So now we get something new from National Geographic which I expect to be just as popular.It is intended as 'companion' to the above field guide.It is a much larger book,being 7" by 12" and 2" thick,much too big and heavy to carry in the field.This book will be used at home to get more information about a bird that simply can't be included in any reasonably sized field guide.It covers all birds found in North America,including Greenland.There are 4,000 illustrations covering sexes,seasonal plumages,variations,range maps,migration maps and just about anything a Birder would want.It does an excellent job of showing how to differentiate between similar species.There are also 150 stunning color photographs of birds which include the location and month the photo was taken.The book is extremely well made;has excellent paper,printing and color rendition;and has 664 pages.
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33 of 36 people found the following review helpful By Henry B. Williams on July 1, 2007
Format: Hardcover
This book has excellent content, but the first printing had the stiff binding that wouldn't allow the book to open fully, making it very difficult to read. The second printing has a more flexible spine where the pages are just stuck to it. After four months of very casual use, the pages began falling out. This is the poorest bound book that I have ever seen.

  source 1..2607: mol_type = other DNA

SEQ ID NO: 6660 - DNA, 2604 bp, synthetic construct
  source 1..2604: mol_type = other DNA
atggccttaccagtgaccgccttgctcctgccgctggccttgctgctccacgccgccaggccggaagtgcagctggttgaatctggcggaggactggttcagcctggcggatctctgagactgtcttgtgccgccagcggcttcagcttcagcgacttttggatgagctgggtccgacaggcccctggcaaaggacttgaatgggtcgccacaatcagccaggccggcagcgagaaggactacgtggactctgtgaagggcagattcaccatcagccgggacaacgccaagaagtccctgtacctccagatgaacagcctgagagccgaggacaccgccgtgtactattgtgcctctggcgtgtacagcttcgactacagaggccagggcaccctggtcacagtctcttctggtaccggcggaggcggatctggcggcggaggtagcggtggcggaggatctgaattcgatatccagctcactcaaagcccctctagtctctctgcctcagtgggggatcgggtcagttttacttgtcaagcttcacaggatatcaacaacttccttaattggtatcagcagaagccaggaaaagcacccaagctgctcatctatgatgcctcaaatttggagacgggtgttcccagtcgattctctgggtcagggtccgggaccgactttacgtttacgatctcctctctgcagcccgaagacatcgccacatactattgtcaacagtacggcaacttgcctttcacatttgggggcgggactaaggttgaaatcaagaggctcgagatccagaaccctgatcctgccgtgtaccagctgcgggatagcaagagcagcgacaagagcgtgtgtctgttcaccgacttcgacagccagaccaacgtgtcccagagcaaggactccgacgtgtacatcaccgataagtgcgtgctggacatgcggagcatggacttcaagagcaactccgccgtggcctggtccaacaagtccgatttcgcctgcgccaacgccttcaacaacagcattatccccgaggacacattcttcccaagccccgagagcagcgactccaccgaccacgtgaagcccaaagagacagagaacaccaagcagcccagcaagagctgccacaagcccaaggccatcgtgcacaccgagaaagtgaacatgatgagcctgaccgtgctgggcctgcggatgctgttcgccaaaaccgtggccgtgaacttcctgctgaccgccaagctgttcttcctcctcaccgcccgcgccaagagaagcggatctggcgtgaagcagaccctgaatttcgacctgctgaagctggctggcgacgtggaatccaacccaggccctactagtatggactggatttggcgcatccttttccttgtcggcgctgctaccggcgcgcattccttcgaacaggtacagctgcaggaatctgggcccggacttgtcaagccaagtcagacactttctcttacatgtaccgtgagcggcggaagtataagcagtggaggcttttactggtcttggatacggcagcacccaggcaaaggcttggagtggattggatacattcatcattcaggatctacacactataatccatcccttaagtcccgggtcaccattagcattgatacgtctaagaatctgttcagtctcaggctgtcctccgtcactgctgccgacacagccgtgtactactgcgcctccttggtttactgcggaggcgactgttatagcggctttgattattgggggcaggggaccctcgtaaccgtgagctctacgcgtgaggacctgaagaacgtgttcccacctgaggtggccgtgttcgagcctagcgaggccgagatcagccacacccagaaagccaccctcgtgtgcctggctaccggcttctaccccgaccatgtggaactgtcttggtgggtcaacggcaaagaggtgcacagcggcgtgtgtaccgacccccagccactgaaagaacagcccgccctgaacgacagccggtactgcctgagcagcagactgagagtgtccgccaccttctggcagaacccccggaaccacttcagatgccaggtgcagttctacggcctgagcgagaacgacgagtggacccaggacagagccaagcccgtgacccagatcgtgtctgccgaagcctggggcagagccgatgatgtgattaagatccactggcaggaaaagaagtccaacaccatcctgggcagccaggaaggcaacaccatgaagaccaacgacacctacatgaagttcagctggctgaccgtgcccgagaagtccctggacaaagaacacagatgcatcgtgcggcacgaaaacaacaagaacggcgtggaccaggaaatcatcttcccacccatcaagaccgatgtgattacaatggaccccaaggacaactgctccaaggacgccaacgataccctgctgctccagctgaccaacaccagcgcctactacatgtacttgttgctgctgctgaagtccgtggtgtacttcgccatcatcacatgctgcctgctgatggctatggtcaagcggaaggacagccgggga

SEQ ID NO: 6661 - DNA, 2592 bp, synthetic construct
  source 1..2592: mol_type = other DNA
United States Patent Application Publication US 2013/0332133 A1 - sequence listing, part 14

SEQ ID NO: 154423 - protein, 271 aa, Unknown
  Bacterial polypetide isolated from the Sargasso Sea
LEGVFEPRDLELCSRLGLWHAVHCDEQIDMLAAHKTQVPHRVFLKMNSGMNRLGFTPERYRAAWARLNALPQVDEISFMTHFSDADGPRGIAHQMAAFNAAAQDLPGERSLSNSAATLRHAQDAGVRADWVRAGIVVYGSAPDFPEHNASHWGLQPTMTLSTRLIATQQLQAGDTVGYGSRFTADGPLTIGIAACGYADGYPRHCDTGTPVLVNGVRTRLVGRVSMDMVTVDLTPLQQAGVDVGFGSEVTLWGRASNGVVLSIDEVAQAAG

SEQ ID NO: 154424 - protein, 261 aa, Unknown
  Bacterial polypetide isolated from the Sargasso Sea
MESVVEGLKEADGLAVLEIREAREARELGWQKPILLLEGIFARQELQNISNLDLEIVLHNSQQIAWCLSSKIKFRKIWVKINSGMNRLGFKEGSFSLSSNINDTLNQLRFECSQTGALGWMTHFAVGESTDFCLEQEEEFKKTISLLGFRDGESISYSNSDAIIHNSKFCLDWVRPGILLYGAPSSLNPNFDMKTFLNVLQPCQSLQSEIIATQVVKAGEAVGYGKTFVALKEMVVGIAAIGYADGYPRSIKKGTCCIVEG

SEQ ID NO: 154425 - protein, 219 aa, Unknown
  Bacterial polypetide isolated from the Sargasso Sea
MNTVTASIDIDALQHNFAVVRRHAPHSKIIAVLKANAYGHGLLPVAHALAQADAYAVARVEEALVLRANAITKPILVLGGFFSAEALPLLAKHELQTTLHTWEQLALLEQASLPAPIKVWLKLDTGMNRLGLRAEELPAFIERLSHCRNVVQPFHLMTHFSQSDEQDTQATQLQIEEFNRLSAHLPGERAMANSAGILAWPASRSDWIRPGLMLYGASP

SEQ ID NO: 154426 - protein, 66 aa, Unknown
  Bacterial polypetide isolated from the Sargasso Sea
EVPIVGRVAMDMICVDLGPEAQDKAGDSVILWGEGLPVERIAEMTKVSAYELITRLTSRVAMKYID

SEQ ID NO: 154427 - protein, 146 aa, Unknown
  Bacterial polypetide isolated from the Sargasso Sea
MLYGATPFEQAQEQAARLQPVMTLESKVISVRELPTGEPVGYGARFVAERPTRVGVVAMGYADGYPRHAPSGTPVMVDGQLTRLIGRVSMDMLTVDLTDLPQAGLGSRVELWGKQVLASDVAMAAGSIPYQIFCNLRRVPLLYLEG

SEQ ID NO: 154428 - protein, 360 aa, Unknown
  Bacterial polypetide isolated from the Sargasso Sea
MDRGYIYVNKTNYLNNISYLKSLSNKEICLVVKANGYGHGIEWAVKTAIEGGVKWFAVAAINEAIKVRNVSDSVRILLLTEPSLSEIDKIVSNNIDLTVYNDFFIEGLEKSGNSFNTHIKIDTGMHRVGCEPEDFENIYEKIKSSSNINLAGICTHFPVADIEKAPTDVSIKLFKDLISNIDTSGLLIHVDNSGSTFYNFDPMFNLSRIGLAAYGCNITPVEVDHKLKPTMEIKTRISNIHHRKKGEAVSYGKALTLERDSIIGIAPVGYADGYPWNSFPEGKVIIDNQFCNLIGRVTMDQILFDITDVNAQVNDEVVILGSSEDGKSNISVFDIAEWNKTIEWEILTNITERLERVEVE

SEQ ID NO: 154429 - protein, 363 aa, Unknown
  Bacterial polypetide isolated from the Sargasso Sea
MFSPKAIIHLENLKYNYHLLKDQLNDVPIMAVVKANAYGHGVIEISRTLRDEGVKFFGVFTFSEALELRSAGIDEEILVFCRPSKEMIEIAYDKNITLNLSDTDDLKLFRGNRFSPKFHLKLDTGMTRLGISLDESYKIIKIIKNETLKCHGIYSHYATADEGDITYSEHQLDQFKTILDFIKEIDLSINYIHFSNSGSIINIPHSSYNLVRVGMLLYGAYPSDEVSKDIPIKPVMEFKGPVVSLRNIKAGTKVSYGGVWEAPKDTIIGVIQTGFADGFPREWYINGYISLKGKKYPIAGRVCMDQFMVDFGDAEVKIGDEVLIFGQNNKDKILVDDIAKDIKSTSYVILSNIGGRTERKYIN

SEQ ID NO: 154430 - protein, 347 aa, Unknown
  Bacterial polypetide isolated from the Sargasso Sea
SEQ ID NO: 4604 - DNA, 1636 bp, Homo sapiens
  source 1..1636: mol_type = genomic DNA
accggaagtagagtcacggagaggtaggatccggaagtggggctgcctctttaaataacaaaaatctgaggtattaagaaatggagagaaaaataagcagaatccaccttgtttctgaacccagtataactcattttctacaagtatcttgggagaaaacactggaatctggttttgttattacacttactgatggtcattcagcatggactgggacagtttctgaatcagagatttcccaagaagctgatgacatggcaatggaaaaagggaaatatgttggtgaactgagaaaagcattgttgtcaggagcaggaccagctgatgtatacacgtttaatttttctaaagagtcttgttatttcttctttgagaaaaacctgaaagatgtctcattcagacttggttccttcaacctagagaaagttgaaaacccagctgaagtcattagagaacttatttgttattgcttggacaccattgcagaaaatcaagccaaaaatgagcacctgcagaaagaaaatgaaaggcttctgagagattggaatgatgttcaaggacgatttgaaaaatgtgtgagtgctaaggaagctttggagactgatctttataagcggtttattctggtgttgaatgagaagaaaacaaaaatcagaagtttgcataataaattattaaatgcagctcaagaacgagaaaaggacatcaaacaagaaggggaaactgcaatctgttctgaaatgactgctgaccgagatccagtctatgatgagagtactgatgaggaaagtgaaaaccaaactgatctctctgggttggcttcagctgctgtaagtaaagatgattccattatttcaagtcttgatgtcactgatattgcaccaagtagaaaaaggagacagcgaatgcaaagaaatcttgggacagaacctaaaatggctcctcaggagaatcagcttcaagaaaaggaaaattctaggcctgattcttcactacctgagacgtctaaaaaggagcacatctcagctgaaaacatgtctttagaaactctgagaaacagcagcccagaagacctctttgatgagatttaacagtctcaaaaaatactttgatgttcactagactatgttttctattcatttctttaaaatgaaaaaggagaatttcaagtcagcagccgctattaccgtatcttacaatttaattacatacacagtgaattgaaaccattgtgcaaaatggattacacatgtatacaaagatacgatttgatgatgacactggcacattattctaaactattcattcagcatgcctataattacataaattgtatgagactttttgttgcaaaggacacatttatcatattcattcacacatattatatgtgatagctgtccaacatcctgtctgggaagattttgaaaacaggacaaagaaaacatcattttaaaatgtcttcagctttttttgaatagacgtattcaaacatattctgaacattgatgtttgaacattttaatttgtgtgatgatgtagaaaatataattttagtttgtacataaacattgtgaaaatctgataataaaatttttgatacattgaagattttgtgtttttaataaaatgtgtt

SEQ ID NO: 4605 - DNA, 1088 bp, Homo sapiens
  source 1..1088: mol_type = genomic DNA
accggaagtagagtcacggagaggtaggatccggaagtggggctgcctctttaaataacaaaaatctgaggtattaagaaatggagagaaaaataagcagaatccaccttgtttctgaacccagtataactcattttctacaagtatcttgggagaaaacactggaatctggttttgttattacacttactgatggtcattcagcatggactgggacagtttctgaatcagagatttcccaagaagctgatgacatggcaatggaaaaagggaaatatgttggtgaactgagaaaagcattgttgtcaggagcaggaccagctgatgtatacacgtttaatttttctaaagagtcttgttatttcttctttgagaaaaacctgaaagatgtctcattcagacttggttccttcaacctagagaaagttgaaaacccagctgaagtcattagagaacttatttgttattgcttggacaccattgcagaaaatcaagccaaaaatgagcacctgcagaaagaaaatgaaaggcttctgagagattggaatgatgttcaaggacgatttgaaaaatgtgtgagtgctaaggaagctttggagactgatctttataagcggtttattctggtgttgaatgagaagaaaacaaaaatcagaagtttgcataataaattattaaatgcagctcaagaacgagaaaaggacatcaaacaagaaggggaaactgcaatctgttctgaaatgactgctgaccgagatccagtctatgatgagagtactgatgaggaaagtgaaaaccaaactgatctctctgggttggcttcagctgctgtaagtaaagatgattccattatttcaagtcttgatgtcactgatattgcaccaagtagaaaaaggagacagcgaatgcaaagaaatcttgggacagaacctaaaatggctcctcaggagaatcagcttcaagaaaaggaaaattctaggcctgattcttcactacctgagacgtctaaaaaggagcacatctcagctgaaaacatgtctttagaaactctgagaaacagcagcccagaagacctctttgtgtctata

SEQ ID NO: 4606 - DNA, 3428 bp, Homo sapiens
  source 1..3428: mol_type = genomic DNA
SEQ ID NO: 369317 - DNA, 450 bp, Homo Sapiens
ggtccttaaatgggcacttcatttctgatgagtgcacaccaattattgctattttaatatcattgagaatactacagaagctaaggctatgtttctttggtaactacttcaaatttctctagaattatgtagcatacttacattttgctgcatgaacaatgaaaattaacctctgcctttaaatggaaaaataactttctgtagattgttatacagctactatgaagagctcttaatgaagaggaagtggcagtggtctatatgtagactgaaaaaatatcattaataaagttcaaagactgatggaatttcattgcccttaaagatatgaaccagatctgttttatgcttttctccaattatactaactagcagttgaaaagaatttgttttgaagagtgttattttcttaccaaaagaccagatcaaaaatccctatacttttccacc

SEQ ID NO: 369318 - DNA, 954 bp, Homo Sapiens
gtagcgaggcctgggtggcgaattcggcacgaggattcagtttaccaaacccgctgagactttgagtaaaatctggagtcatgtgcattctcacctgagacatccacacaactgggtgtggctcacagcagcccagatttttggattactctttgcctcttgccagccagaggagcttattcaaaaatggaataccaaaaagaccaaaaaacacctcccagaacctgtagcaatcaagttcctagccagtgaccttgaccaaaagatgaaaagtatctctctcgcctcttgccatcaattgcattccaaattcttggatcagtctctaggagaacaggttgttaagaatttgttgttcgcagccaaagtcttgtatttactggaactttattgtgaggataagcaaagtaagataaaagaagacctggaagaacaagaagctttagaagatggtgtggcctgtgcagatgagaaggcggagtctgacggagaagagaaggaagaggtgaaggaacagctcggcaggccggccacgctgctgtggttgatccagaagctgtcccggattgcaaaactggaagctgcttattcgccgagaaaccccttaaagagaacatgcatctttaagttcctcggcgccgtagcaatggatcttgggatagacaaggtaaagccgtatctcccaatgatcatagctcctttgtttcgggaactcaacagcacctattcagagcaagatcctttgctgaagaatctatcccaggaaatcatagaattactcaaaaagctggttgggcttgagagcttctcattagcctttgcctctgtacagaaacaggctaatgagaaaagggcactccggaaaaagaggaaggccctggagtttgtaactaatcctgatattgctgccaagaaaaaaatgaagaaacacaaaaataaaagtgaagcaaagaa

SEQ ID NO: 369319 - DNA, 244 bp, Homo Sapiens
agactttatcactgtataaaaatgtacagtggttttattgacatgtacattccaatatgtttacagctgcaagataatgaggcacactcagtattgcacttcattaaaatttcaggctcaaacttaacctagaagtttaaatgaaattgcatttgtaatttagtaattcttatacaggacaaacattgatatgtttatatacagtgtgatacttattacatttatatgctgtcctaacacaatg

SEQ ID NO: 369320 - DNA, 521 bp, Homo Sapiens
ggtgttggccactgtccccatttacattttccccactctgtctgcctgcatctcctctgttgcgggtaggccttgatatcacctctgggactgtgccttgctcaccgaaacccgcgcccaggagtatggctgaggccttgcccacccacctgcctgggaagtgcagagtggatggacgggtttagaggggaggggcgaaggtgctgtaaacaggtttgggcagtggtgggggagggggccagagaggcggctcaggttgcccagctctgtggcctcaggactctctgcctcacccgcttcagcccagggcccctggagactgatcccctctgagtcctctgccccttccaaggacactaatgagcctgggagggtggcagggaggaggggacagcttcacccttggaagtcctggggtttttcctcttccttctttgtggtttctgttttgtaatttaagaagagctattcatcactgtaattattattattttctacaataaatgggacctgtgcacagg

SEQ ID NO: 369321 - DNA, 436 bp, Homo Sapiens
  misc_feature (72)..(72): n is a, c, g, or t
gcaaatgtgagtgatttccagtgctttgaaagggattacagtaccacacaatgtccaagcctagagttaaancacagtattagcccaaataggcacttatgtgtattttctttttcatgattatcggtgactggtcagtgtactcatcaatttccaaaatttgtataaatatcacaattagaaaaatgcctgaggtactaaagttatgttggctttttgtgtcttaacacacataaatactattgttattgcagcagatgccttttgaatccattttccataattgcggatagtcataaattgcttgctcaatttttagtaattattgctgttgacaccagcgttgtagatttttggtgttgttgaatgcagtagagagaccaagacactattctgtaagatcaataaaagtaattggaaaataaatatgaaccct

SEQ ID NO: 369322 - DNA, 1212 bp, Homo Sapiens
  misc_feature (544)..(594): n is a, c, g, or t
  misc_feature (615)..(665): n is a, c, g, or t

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29 of 32 people found the following review helpful By Kindle Customer on December 2, 2005
Format: Hardcover
This new book published by National Geographic, "Complete Birds of North America: Companion to the National Geographic Field Guide to the Birds of North America," edited by Jonathan Alderfer, is a must-have book for bird watchers-yes, even backyard birders.

The National Geographic's "Field Guide to the Birds of North America" has long been a field guide of choice-it's all about the text, rather than the illustrations in this guide.

The "Geo" guide offers fine artwork, as do many other field guides, but the clincher to making a positive identification is found in the textual descriptions of the birds in the "Geo" more frequently than in any other guide. And it's the text in the new companion that makes this book so special, and worth every penny of the $35 price.